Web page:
One of the basic investment tools that you will be using as a new investor is your portfolio. A portfolio is not exactly a physical thing as far as investing is concerned but instead is the term used for a collection and combination of different investment assets. Any asset that you own, from stocks and bonds to equities, art, real estate, fixed income instruments and so forth make, up your portfolio and are used to achieve any investing goal that you may have.
You can think of your portfolio in the same way you think of a pie chart, where different portions of the chart represent a different asset and a different percentage of your portfolio. The entire pie makes up your portfolio and, depending on the strategy that you have, the return that you expect to make and the risk that you willing to take, you will mix and match the assets in your portfolio accordingly.
Your portfolio is thus made up of different types of assets and those assets will have different returns and different levels of risk. If you have a strategy that involves aggressive investments, you will have a portfolio that includes investments that will, if things go well, give you the highest possible return but, on the other hand, if things don’t go well can also cause you to lose the most (because they are the highest risk). Most portfolios that are built using an aggressive strategy include a high percentage of equities.
A strategy that is more conservative, and thus puts a higher priority on lowering your risk and increasing your “safety net”, will generally be made up mostly of cash, cash equivalents and high-quality fixed income investment instruments. Conservative portfolios are usually put together by investors who want to keep their risk as low as possible as well as investors who have a shorter time horizon and want to maximize their returns in a shorter period of time.
In general, a conservative portfolio’s goal is to maintain the real value of the assets included in the portfolio as well as protecting those assets from inflation. Most portfolios of this type are put together so that they will yield a certain amount of current income as well as long-term capital growth.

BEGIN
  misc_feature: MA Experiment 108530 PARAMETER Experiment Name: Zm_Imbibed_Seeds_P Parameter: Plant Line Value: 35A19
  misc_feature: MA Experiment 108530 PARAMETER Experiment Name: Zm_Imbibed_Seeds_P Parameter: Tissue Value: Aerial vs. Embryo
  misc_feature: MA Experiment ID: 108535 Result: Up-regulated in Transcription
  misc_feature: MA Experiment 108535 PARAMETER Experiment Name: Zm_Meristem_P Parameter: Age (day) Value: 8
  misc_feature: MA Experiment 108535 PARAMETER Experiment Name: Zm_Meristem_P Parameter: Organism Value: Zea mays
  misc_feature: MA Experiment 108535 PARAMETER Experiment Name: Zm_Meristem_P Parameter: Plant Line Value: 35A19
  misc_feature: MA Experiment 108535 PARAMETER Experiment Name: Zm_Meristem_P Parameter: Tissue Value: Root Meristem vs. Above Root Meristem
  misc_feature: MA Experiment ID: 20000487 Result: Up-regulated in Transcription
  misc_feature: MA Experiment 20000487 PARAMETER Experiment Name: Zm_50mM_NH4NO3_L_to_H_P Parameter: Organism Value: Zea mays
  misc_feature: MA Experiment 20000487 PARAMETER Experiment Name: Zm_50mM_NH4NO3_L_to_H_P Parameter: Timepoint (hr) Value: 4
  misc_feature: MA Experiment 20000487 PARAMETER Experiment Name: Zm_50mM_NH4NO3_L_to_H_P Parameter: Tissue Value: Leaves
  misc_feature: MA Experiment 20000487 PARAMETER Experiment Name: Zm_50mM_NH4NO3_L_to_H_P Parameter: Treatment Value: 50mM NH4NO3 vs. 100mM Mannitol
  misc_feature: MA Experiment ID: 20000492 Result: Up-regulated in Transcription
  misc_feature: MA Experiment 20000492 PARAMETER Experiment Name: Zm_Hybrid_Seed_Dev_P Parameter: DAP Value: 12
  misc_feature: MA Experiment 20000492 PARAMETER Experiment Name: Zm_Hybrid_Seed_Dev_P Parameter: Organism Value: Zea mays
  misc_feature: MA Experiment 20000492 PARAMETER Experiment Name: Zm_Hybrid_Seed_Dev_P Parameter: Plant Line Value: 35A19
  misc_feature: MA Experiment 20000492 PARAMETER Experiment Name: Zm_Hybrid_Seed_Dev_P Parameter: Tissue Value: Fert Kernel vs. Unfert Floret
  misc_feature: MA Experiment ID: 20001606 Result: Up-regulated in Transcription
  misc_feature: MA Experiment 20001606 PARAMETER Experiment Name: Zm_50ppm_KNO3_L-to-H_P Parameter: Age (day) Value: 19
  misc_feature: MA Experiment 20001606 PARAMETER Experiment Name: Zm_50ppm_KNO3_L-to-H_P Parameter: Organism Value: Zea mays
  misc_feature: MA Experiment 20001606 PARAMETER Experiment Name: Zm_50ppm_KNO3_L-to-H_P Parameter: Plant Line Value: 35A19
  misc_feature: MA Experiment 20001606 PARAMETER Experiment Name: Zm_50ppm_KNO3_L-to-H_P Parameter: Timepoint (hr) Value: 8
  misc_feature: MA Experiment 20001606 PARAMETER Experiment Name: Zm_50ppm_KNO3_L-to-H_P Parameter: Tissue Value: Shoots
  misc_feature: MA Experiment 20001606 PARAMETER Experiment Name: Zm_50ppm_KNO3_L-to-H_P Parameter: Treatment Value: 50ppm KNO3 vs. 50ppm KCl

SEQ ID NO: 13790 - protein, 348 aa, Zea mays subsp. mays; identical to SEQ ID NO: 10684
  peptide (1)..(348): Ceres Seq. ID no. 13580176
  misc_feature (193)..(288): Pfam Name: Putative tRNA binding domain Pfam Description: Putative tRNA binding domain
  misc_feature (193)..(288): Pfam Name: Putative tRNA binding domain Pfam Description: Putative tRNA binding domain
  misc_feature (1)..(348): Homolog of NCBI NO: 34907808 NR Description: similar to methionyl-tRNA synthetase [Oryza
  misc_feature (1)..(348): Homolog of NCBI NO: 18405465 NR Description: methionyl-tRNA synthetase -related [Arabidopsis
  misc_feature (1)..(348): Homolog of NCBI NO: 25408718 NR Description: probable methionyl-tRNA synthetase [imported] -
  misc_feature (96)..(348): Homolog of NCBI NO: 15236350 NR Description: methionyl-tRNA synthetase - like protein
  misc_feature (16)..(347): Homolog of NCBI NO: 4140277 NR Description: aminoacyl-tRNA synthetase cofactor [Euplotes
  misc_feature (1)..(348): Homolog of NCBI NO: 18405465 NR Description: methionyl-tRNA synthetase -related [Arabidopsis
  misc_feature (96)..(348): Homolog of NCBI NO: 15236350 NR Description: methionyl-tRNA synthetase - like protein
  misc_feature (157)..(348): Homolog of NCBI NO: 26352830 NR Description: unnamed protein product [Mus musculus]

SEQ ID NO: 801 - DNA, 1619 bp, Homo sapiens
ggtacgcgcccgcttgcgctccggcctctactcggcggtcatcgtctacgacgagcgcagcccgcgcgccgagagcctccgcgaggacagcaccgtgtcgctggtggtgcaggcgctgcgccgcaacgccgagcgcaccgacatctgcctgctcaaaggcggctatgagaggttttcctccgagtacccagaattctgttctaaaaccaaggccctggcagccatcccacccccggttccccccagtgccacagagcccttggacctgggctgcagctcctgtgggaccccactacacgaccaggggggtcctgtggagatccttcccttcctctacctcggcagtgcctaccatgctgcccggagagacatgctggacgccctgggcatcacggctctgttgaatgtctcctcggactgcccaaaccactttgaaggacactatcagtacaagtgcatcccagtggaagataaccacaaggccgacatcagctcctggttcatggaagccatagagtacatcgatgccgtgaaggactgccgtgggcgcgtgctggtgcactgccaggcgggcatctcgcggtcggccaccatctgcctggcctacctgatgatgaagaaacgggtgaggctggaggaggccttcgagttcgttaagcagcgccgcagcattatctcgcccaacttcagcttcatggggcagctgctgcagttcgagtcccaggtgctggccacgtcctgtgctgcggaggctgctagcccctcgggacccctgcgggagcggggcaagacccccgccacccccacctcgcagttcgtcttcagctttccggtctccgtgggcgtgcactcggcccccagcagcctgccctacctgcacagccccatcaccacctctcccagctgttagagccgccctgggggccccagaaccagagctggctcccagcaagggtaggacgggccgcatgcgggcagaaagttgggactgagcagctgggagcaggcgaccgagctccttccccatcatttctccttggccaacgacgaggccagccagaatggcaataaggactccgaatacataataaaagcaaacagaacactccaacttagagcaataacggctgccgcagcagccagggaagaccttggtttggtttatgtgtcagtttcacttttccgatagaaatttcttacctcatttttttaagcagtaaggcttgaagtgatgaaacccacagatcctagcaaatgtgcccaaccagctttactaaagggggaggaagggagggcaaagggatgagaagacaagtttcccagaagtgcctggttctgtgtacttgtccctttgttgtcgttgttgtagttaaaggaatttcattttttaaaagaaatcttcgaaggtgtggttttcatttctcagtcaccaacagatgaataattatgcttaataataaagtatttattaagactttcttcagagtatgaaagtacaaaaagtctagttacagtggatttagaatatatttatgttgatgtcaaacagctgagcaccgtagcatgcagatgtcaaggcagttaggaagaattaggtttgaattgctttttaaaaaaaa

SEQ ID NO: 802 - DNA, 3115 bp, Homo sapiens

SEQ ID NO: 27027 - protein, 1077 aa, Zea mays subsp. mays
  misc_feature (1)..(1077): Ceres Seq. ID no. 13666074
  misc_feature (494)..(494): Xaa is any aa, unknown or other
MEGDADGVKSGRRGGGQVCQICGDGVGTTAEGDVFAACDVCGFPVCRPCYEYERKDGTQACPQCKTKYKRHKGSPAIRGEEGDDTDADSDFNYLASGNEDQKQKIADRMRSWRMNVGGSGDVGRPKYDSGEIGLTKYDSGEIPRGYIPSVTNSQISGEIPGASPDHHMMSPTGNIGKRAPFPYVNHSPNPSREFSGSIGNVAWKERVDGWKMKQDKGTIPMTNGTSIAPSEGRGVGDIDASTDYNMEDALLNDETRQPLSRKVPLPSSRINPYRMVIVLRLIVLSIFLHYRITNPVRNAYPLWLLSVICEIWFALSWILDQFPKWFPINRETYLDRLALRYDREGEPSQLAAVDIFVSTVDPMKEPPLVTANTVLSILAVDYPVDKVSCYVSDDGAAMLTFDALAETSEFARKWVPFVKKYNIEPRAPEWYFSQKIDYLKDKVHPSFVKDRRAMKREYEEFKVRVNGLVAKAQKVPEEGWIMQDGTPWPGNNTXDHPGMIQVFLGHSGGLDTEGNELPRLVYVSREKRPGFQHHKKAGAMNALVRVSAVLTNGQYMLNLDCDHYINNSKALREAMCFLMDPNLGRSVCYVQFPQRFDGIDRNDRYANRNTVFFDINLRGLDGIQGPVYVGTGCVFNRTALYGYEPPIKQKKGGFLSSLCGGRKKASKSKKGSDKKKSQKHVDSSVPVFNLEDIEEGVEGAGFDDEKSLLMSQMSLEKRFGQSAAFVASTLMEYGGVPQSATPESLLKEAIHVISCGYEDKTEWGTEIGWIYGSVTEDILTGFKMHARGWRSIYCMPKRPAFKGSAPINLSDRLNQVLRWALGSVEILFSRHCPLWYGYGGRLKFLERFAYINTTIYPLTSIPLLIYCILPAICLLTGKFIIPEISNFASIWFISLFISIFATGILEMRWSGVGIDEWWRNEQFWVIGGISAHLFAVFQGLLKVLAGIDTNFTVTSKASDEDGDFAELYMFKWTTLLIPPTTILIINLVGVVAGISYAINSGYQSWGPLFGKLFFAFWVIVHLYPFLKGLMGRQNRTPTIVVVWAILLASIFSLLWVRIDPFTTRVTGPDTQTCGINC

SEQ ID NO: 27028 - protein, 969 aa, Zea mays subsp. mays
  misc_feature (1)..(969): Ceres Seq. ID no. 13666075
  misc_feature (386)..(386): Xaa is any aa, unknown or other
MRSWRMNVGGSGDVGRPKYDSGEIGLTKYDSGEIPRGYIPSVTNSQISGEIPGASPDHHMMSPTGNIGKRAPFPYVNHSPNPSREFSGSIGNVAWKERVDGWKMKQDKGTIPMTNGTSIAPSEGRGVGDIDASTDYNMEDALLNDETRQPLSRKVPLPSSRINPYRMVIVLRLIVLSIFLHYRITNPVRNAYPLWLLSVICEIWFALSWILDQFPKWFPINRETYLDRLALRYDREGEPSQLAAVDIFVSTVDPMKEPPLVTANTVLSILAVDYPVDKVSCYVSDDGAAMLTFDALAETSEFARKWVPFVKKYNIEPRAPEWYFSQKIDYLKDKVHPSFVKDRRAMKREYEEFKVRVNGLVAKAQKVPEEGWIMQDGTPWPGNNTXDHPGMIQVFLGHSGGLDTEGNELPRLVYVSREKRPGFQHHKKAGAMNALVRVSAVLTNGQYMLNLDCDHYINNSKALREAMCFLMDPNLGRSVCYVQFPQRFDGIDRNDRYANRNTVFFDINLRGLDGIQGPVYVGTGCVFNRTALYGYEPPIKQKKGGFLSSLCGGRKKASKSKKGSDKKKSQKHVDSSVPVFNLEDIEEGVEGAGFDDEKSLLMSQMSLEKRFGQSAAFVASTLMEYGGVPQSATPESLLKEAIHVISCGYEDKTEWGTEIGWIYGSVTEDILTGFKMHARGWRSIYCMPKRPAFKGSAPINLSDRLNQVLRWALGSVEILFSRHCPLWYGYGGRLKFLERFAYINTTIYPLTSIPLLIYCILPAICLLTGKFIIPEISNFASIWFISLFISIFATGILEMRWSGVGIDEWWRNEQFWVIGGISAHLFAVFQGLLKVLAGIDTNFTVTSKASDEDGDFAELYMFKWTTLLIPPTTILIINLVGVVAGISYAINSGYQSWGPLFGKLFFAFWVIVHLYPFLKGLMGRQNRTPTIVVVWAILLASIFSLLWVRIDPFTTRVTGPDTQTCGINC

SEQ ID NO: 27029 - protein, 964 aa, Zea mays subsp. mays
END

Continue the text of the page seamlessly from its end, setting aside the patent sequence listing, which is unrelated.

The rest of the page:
If you are an investor with a longer time horizon and a little bit higher risk tolerance, a moderately aggressive portfolio is probably for you. Moderately aggressive portfolios balance risk with returns and, while the returns are less than an aggressive portfolio, the risk is also less.
Then of course there is the aggressive portfolio that we’ve already mentioned and, while the risk for this type of portfolio is the highest the return is also the highest. Most high risk portfolios are using a strategy that focuses on short-term investing with higher (possible) returns.
What all portfolios have in common is the need for careful diversification. Diversification simply means that a portfolio consists of different assets so that, if one of those assets happens to lose value or, in some cases, become completely worthless, the entire portfolio won’t be devastated. The fact is that at any point in time your assets and investments will perform differently and, if you have a mix of several asset types in your portfolio, when one of those assets suffers the entire portfolio (in general) will not.
Over the last several decades there have been numerous academic studies about why diversification is vital to the return on any portfolio as well as lowering said portfolio’s risk. At the end of the day however it simply a matter of following the old adage “never put all of your eggs in one basket”. Spreading the investments in your portfolio across different markets and different assets will thus greatly reduce the chance that your portfolio will suffer a catastrophic financial loss (i.e. you lose everything).
If you’re a new investor and you have questions about building a portfolio, what the different types of assets are and how to best diversify, please let us know and we will get back to you with advice, suggestions and answers.